Children’s Running: Are the Kids Alright?

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I went to support a few club mates in a local 10K recently and watched the kids' fun run before the main event. What struck me as I clapped and cheered 100m from the finish was that all the children - fast, slow, fat and thin - crossed the finish line with huge grins on their faces.

The same could not be said for many of the grimacing, wheezing adults striding along the home straight, eyes focused firmly on their GPS watches or the finish clock. Perhaps there's a lesson in there for some of us, I thought.

A fun pursuit

Running, whether it's a zigzagging meander or a breathless sprint, comes naturally to children. But if we want it to become something more than a playful pastime (and ensure it doesn't get usurped by video games, where the only working muscles are in the thumbs), how do we best encourage kids to run without taking away the simple joy of it?

"When children are really young, the emphasis shouldn't be on competition or covering specific distances, but on having fun," says Carol Goodrow, founding editor of KidsRunning.com and author of Kids Running (£6.76, Breakaway Books). "If they start and stop, or speed up and slow down, let them."

Susan Love, director of Just Run (justrun.org), a free web-based running programme for children aged five to 12, agrees. "The earlier children start developing the concept that running is fun, the better," she says. "Variety is essential.

"The Just Run programme, which can be implemented by schools, parents or youth groups, incorporates fun games, drills and relays that develop not just endurance but agility, balance, strength and teamwork."

Playground antics

Running was certainly fun in my primary school days, when it mostly involved playing kiss chase or British bulldog (both of which, I hear, are now banned in school playgrounds).

But by the time I was at secondary school, it entailed endless dreary laps of the playing field, which I wriggled out of as often as I could. I wasn't all that good at running, which meant that I was of little interest to the PE teacher cherry-picking for the cross-country team.

"The philosophy has changed over the years from uber-competitive to anti-competitive, and perhaps now we are starting to get the balance right," says Chris Donald, a UK Athletics Level 3 coach and director of 'running camp' coordinator Purple Patch Running (purplepatchrunning.com).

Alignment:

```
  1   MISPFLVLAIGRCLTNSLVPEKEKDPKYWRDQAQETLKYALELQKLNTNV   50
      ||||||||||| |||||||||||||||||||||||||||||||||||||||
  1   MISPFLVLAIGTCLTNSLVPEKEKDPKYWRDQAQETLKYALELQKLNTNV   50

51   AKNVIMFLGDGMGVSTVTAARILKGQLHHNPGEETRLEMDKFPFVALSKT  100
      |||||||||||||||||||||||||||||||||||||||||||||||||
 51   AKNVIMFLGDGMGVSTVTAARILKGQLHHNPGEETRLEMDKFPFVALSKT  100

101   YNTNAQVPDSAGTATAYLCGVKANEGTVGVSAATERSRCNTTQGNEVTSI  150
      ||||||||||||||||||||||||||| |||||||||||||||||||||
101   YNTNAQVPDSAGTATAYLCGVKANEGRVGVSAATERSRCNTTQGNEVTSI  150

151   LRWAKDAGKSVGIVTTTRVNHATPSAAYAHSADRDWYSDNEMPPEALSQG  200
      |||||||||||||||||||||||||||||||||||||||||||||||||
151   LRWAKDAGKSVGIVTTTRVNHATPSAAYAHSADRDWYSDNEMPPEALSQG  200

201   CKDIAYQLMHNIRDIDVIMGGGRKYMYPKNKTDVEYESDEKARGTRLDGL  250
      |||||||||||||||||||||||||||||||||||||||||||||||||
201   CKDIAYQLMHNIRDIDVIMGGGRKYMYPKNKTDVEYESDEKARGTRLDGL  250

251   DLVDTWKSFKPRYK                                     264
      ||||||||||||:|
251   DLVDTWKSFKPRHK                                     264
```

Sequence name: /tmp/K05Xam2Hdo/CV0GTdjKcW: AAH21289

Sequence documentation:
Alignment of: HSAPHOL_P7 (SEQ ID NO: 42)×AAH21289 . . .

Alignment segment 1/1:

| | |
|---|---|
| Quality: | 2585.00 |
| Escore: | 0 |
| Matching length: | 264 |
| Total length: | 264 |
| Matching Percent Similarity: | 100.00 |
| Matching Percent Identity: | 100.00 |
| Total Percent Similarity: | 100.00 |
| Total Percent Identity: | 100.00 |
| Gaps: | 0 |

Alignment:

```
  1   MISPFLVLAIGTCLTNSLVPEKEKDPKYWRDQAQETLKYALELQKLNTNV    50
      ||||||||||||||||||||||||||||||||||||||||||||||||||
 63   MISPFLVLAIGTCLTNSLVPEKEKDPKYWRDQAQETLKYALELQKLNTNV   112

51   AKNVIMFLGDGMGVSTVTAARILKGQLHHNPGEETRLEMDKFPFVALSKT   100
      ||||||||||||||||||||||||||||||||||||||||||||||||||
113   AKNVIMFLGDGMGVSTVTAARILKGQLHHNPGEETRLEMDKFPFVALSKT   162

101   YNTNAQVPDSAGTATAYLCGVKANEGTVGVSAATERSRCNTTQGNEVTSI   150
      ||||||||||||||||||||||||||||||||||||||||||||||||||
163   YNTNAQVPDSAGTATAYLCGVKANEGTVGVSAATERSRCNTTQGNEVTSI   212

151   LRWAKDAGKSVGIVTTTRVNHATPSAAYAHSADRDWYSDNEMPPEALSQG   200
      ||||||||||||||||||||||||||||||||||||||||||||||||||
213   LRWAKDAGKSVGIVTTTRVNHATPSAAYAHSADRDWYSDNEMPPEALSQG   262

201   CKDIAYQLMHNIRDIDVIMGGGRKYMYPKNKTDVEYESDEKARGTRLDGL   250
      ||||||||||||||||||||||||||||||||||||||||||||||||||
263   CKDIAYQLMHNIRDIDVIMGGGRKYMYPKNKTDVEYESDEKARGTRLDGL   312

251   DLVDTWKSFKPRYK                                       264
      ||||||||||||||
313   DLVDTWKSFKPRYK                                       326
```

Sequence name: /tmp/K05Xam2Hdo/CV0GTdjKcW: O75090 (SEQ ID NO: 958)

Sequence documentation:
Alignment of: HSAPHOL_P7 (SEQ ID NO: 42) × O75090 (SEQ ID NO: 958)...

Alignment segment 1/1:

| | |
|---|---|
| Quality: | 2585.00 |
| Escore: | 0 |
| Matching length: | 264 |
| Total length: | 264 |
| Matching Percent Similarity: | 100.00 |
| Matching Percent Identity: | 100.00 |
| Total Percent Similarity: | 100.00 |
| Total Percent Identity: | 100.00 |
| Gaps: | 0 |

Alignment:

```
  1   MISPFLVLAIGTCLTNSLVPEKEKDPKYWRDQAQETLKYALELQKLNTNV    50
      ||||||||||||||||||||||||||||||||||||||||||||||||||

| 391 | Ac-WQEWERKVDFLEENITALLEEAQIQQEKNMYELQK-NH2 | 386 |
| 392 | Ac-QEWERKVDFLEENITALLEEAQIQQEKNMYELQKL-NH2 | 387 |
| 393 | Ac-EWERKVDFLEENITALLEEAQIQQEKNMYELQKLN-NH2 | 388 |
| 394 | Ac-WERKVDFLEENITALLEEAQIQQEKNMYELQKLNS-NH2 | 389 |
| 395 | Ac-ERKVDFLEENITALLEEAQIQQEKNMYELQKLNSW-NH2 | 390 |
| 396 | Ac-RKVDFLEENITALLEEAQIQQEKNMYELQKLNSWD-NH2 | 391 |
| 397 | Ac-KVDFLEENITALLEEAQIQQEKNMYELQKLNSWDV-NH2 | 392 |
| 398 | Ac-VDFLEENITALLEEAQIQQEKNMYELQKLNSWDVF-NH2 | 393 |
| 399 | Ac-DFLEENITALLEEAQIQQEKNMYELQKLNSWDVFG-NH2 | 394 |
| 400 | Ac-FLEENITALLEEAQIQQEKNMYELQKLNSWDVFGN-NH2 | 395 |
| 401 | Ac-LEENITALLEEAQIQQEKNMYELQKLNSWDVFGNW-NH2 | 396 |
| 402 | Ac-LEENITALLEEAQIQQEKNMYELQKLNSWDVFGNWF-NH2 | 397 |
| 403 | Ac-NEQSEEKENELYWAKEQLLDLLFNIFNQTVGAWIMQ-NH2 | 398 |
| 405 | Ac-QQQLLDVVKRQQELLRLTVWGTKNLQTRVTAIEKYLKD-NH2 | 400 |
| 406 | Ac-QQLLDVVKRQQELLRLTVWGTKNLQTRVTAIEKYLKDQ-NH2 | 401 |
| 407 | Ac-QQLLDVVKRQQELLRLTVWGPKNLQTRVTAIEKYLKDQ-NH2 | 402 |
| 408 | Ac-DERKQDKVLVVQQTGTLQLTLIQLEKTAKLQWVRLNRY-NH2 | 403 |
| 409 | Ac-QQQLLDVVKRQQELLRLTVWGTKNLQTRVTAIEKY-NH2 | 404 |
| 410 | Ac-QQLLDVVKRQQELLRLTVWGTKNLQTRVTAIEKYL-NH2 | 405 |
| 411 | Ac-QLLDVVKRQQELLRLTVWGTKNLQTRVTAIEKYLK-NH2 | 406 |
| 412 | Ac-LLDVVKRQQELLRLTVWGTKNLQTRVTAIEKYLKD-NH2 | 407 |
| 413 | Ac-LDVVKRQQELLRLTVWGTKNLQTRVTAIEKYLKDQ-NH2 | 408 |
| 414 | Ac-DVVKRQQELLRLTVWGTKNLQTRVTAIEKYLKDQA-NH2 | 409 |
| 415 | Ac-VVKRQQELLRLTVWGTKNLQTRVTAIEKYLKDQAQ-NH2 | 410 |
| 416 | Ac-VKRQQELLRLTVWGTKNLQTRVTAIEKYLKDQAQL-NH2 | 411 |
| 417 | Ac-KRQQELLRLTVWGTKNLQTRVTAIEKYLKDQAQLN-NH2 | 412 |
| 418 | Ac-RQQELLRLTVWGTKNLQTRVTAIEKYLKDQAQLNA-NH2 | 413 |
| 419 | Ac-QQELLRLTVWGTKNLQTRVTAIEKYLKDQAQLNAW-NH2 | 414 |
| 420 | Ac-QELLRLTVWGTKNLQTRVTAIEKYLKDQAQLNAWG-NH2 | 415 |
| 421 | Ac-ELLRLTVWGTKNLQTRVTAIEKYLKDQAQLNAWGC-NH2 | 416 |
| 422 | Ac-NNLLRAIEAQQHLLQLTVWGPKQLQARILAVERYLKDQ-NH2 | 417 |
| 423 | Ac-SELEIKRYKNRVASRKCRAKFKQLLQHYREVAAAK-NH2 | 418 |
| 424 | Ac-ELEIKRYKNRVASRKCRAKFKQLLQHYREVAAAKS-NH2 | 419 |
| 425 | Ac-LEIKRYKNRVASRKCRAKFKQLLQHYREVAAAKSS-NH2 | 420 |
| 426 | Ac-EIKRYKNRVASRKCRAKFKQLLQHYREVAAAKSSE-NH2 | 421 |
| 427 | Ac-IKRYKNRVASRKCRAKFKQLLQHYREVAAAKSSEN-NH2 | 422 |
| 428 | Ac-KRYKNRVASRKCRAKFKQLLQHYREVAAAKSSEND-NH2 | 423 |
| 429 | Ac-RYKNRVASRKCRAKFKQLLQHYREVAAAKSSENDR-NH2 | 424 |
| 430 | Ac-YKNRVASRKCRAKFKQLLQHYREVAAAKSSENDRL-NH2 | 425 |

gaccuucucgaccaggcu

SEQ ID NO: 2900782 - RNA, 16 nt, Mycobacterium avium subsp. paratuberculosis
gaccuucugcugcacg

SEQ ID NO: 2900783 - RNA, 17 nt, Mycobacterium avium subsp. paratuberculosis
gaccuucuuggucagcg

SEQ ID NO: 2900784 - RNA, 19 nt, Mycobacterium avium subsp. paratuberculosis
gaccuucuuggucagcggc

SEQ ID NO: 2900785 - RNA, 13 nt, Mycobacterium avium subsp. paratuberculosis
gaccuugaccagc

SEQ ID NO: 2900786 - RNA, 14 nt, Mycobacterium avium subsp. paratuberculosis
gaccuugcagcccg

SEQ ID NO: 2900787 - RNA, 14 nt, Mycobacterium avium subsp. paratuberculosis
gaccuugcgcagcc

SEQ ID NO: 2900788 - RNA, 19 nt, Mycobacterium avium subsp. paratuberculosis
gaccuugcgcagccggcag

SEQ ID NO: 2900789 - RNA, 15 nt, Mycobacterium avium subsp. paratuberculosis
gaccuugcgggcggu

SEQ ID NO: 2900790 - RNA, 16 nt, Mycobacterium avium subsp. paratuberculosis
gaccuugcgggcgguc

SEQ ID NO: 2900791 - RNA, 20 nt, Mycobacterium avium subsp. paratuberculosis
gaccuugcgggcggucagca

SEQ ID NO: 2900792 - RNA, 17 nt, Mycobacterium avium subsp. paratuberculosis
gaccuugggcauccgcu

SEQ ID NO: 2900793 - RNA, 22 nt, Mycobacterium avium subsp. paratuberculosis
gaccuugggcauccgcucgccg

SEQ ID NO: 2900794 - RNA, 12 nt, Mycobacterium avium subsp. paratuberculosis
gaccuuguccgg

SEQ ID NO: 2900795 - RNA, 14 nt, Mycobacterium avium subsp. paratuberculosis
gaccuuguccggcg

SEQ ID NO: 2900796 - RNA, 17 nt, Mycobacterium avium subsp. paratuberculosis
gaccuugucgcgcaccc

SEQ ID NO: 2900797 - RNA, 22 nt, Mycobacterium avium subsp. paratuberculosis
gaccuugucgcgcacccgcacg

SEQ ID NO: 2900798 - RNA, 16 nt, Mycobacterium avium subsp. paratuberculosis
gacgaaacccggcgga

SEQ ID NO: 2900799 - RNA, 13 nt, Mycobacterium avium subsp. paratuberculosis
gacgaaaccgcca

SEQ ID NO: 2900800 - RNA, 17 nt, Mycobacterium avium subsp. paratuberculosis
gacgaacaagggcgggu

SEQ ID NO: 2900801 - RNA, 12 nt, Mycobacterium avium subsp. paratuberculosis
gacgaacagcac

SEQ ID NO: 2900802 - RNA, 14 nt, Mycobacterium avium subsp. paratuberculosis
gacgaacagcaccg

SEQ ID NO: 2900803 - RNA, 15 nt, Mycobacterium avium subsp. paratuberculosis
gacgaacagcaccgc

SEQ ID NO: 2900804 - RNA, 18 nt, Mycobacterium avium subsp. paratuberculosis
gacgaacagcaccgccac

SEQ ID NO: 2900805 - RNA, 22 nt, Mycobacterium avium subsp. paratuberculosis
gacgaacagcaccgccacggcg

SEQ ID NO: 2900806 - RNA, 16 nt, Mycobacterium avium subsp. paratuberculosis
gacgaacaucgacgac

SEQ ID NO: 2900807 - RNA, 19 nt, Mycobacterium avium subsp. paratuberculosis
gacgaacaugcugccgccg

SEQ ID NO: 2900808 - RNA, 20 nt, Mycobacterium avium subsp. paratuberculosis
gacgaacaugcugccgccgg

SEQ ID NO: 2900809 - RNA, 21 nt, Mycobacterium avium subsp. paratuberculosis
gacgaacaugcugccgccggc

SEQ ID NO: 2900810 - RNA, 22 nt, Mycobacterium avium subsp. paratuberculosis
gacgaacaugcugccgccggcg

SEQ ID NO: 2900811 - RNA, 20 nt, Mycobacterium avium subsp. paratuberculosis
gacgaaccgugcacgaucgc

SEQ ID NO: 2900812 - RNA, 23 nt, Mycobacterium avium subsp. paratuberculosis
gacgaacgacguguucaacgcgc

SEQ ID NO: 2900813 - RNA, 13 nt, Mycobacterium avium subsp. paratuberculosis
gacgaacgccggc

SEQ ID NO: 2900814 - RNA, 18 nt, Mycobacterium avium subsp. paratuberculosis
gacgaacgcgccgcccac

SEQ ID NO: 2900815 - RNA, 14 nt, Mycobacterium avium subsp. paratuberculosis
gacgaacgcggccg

Skills for life

These days, good coaches and teachers know that while there's nothing wrong with a little healthy competition, helping kids set and attain their own personal goals is more likely to keep them motivated.

And we should do everything we can to foster their enthusiasm: research shows that physically active adults are more than twice as likely to have been active when they were young than sedate people.

As active adults, we runners are in a great position to encourage the children in our life to follow in our footsteps, whether they are our offspring, pupils or the sons and daughters of friends and relatives.

But don't let your enthusiasm get the better of you. "A parent or coach needs to keep a close eye on their kids to check they are really enjoying it," says Donald.

Under pressure

"You need to get the balance right and back off when necessary. You also have to remember that some children will say they enjoy it because they   know that is what Mum, Dad or the coach wants to hear."

A local race or fun run can give children an insight into the enjoyment and excitement of racing; but again, it has to be led by them, not you.

"Don't drag your child out to run or make them participate in an event if they don't want to," warns Goodrow. "And if you do run together, your child shouldn't just be a tag-along - you'll need to take time out from your own training to help and encourage them."

On the next page: Find out how running could boost brain power and a wide range of movement skills.